The challenge with this annual and one or two stories in other Oojah pubications, is the language of race. These days, commonplace words used in the 1930s are simply inappropriate and unacceptable. When these stories were written, Britain was a colonial power and mainstream attitudes towards native people of other countires, especially black people, were at best, patronising. There is no intentional racism in this or any of the other Oojah stories that I have been able to discern. In fact, the black boy in this story is portrayed as a friendly, intelligent and charming character whom the Oojah fraternity embrace wholeheartedly. The problem is the language. There are several examples of the use of the word ‘nigger’, not as a term of abuse but simply as a common description of black people of the day. You can either live with this as part of the historical reality or not. Notwithstanding any of this, it’s a great story. There’s a real sense of location and all the characters engage in the fun.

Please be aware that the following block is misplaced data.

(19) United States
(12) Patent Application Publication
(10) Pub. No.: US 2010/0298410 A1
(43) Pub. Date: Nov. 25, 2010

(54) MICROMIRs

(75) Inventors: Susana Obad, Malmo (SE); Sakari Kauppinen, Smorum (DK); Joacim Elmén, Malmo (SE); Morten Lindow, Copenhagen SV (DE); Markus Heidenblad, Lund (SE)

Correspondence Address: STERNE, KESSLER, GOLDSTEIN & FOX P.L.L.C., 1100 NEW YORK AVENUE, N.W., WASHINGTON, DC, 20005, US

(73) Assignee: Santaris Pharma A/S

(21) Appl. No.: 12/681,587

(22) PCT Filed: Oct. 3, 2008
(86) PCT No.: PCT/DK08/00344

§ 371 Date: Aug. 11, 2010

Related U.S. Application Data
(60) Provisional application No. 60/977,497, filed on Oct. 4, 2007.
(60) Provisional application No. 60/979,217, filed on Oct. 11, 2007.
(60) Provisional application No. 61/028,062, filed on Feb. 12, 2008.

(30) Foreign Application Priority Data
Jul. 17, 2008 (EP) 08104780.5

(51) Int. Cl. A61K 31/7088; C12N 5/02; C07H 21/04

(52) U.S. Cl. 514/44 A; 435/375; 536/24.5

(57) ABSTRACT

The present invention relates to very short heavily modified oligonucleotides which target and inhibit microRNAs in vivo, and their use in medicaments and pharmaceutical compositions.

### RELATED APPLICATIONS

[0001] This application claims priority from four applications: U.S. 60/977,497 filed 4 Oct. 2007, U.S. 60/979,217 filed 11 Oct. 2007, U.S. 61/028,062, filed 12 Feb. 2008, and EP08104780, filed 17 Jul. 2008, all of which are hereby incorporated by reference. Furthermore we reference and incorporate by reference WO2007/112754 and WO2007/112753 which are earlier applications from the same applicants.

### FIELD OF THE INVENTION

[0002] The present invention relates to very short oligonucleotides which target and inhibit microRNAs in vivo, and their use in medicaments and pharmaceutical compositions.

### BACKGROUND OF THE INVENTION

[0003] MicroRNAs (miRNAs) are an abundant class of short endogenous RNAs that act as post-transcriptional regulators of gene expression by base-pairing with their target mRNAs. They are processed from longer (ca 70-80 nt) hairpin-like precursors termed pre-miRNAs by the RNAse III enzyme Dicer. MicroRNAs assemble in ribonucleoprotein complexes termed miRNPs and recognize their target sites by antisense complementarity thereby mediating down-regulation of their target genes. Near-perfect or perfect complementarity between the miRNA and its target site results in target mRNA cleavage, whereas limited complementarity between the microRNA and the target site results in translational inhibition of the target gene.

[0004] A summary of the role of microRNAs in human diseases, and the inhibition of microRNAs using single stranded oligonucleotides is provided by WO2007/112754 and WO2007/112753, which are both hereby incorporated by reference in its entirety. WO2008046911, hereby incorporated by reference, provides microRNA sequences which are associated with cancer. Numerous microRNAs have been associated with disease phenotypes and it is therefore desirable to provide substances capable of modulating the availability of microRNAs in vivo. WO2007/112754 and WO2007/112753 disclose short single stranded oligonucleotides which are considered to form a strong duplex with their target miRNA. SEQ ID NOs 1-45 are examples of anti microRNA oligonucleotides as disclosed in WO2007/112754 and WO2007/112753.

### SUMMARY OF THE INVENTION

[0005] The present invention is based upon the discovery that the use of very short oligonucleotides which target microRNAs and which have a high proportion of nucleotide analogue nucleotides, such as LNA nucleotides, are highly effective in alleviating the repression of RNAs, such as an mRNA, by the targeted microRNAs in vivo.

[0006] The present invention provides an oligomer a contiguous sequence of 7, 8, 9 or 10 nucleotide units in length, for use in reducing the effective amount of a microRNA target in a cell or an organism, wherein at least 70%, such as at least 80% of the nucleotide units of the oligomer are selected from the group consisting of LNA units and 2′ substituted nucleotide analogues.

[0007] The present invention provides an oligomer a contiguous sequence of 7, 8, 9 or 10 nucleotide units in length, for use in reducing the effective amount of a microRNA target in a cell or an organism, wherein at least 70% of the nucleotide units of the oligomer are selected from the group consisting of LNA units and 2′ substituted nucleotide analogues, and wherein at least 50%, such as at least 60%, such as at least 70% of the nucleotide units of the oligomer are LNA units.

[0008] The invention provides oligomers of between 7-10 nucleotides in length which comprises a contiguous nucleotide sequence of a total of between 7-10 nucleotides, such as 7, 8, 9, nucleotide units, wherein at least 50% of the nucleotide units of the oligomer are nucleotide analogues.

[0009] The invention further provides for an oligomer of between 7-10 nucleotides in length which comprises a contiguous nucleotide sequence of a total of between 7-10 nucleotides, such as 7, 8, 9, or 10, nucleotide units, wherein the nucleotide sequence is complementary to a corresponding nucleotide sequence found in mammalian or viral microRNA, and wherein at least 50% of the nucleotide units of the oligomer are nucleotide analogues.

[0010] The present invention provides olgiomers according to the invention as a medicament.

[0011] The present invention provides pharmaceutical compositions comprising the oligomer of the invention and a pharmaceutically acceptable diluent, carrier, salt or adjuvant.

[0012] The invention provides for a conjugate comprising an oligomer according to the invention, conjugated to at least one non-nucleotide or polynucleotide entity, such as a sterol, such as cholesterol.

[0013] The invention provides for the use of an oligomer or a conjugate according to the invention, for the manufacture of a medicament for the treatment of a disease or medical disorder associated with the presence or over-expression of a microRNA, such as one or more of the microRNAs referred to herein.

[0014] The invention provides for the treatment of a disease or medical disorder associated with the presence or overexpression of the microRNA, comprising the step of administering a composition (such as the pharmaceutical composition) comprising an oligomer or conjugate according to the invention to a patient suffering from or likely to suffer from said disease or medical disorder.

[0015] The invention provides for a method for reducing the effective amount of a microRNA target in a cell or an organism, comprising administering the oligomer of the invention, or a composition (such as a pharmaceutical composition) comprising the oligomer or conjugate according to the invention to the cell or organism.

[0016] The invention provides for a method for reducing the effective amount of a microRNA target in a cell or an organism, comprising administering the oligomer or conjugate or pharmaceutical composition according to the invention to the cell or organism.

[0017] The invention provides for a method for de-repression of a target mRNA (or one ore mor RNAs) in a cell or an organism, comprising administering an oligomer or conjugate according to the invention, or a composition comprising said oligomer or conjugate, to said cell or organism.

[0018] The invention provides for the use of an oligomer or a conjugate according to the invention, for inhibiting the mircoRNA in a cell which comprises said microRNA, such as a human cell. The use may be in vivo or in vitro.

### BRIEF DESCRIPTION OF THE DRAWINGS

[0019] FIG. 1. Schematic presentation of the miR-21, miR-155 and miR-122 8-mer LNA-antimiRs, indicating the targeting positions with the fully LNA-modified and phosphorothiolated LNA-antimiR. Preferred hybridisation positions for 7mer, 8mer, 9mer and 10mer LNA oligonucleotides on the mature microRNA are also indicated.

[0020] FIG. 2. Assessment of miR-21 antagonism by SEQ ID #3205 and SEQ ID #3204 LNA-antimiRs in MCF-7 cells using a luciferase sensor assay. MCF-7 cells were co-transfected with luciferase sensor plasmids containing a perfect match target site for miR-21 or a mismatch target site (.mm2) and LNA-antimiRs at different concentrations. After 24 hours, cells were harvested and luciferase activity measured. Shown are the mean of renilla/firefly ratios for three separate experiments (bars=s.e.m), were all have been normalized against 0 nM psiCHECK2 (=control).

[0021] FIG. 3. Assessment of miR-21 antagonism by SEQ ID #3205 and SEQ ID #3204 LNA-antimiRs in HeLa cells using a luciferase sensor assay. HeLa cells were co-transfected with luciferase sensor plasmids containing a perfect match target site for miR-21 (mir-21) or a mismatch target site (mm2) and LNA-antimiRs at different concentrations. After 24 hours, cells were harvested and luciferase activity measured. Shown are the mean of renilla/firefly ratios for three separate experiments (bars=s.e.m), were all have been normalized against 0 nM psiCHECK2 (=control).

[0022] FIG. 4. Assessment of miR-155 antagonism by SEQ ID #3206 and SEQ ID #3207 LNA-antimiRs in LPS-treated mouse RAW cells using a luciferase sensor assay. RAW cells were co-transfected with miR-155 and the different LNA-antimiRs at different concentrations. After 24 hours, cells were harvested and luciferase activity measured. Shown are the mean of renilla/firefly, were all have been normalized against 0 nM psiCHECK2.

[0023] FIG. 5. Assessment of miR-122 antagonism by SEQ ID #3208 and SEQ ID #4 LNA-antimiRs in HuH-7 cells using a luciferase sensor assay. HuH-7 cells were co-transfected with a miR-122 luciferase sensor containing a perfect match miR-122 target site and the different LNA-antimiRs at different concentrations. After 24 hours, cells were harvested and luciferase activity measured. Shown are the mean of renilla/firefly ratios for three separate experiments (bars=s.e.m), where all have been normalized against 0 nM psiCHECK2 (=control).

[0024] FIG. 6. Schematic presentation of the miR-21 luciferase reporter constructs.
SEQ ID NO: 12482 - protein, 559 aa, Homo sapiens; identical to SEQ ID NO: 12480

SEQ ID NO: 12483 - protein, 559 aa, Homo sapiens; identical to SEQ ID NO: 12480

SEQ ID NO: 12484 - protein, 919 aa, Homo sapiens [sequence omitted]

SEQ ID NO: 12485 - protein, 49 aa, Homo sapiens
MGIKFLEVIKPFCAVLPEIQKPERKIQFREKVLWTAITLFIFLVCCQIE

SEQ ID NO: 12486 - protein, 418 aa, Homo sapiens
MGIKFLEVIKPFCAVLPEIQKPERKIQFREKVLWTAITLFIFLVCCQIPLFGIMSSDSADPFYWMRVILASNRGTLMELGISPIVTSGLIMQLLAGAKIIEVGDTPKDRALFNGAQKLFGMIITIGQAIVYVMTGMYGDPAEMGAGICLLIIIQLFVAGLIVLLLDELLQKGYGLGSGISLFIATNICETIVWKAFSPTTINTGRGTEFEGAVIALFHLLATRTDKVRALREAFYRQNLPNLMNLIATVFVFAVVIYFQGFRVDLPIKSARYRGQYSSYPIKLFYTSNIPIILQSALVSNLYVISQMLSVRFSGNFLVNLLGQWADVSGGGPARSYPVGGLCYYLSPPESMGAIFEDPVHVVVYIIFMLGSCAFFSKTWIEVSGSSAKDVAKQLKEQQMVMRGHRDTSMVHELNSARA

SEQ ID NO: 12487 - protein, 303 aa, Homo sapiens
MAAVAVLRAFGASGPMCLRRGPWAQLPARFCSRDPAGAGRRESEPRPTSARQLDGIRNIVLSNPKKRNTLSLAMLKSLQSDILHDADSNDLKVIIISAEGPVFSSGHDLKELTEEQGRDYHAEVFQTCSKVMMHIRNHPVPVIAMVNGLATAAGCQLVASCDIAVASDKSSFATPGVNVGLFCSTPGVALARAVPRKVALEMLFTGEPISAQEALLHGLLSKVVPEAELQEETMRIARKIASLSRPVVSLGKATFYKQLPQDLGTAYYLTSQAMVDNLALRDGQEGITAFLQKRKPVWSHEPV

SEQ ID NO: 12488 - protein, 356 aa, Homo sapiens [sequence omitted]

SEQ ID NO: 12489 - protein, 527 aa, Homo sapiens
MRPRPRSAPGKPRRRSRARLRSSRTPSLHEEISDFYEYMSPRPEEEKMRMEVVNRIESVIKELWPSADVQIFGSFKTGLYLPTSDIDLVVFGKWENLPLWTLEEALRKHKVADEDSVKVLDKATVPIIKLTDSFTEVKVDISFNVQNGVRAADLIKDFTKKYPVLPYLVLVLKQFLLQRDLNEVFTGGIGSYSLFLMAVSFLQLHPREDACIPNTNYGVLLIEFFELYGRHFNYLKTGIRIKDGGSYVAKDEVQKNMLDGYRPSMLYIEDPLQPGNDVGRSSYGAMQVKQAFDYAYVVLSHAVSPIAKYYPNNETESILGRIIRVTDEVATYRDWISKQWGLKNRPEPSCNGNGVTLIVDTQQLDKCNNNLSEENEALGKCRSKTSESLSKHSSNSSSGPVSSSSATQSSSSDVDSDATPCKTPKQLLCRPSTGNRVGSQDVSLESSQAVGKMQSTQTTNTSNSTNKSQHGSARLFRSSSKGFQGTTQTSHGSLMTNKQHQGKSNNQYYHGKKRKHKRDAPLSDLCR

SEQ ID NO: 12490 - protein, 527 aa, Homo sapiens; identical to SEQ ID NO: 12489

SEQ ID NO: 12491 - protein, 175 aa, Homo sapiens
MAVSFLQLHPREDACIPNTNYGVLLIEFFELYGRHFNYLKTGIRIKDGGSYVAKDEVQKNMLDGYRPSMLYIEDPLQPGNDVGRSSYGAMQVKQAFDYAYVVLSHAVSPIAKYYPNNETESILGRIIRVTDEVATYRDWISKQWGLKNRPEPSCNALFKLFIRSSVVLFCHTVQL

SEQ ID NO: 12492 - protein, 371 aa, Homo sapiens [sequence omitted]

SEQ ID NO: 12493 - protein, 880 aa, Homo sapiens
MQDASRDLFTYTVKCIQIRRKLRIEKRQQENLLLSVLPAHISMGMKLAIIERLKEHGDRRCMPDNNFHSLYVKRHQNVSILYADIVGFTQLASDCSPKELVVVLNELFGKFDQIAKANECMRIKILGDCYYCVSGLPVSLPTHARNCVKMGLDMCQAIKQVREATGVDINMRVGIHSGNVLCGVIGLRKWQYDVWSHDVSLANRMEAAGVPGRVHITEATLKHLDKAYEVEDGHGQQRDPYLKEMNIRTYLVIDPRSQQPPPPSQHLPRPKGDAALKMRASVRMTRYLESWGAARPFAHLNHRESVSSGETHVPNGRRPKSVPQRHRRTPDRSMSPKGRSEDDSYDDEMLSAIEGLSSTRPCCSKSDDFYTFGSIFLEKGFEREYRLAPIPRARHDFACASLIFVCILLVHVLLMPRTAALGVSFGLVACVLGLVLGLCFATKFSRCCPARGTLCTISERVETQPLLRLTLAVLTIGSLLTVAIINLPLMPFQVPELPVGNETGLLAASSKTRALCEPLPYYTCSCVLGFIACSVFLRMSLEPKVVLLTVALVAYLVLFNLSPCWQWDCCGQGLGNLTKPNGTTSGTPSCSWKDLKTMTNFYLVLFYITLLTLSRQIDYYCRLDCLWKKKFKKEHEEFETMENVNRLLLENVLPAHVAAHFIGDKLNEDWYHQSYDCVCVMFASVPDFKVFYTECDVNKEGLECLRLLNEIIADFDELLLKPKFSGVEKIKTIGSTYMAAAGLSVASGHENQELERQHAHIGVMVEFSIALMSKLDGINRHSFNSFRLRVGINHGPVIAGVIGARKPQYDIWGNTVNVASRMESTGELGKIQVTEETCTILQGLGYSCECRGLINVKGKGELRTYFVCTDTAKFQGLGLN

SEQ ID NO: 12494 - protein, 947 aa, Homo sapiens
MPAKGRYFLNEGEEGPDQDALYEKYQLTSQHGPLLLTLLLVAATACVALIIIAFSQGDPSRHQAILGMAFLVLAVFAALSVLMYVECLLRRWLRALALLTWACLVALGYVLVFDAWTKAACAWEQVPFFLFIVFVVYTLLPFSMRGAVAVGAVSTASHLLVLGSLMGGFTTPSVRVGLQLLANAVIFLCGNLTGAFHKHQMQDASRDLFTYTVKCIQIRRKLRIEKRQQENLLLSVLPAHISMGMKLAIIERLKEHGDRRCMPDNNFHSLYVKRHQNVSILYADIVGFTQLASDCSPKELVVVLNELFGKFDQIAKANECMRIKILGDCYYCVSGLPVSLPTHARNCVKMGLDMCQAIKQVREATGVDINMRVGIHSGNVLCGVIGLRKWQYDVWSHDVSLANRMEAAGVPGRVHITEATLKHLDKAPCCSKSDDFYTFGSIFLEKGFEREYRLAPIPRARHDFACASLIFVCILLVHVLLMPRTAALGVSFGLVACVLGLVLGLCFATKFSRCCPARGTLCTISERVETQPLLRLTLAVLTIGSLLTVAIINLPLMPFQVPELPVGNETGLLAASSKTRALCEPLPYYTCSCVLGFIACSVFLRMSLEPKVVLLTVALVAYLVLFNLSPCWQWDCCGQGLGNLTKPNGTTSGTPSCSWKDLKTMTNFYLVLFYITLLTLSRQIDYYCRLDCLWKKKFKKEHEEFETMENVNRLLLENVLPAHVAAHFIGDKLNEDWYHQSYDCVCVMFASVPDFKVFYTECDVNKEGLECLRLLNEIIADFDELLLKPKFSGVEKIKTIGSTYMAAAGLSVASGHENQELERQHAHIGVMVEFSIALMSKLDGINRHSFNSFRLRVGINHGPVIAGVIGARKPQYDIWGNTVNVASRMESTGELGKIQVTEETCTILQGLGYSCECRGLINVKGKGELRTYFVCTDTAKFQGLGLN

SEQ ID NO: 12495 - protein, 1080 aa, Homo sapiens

The story describes how Oojah and his friends set out on a voyage without a specific destination in mind. After some time they discover an island which turns out to be a source of fun and it is here they meet their new friend, whom they name ‘Dusky’ after his complexion. Dusky was marooned by a white sea captain. He and Binky Bear get on like a house on fire and he teaches the Oojah gang where the best fishing pools are, the biggest coconuts and coolest springs for drinking.There are plenty of activities in this annual as well. You could try making your own crane from the diagram supplied, plan your year using Oojah’s unique Walmanac and learn about ‘peeps’ from other lands.